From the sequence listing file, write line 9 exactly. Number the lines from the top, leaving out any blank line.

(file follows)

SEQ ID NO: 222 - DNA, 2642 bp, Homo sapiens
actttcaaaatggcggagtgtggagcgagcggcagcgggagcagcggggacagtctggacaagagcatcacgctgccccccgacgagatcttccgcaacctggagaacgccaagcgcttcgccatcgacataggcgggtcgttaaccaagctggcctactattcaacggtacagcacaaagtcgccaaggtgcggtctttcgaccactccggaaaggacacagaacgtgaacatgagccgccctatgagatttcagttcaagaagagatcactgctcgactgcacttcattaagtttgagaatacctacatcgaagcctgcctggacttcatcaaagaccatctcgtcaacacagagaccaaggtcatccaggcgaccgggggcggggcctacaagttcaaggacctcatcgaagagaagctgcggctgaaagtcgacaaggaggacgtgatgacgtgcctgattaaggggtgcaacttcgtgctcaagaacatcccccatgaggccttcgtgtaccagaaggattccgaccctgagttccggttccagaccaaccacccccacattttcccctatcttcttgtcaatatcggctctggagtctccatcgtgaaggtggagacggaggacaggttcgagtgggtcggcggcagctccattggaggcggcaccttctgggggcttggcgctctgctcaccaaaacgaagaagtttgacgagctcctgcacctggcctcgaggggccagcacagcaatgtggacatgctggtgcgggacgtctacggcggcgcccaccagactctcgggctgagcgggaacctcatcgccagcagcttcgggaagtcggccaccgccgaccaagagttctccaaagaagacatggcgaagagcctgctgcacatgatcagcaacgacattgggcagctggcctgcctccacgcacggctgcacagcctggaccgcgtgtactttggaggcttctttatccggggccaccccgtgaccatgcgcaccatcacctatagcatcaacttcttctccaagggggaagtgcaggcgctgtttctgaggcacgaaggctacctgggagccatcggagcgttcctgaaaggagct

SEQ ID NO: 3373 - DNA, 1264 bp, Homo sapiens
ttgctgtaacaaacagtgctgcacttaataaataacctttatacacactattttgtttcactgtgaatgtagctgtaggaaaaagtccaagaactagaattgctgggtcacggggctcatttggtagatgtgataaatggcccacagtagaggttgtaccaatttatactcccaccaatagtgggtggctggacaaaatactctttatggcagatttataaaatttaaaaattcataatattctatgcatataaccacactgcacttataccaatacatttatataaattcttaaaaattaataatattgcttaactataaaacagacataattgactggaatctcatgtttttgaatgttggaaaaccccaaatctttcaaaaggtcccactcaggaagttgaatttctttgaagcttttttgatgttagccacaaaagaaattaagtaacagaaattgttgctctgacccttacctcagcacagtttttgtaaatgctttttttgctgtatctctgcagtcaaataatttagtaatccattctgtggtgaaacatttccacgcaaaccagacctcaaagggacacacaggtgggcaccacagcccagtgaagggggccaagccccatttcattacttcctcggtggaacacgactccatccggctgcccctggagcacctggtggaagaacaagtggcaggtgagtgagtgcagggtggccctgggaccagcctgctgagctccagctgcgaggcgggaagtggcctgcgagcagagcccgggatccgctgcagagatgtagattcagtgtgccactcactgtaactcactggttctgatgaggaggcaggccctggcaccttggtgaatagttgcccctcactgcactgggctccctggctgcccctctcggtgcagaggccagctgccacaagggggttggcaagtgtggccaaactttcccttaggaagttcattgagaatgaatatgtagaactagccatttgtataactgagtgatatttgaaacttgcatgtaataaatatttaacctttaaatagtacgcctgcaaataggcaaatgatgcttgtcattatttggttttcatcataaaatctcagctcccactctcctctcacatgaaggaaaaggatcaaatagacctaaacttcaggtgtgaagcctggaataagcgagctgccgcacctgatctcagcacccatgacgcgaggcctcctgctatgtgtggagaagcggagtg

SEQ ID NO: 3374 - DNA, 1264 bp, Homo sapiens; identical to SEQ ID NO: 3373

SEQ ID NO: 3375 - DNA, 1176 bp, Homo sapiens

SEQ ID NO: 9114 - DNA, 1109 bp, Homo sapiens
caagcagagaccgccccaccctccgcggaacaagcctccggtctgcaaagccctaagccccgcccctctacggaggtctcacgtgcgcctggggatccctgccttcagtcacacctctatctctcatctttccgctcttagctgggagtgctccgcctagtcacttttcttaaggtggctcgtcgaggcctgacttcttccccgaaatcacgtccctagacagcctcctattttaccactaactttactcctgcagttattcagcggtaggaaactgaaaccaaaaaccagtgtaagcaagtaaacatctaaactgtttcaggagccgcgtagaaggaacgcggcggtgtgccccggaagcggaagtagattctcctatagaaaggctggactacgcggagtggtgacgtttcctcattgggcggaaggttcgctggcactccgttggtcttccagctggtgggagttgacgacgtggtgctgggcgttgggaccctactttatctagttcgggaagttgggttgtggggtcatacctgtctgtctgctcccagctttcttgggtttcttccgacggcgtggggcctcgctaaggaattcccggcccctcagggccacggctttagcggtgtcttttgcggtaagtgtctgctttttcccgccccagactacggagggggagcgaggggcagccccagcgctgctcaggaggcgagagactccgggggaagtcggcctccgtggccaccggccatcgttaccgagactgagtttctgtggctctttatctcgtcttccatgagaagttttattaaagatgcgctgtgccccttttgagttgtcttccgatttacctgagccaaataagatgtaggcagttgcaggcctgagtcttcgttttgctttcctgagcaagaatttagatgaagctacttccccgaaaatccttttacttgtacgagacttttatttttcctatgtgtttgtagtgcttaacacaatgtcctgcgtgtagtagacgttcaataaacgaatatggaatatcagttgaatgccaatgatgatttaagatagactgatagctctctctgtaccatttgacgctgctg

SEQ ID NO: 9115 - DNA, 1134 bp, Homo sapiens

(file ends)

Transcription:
SEQ ID NO: 9115 - DNA, 1134 bp, Homo sapiens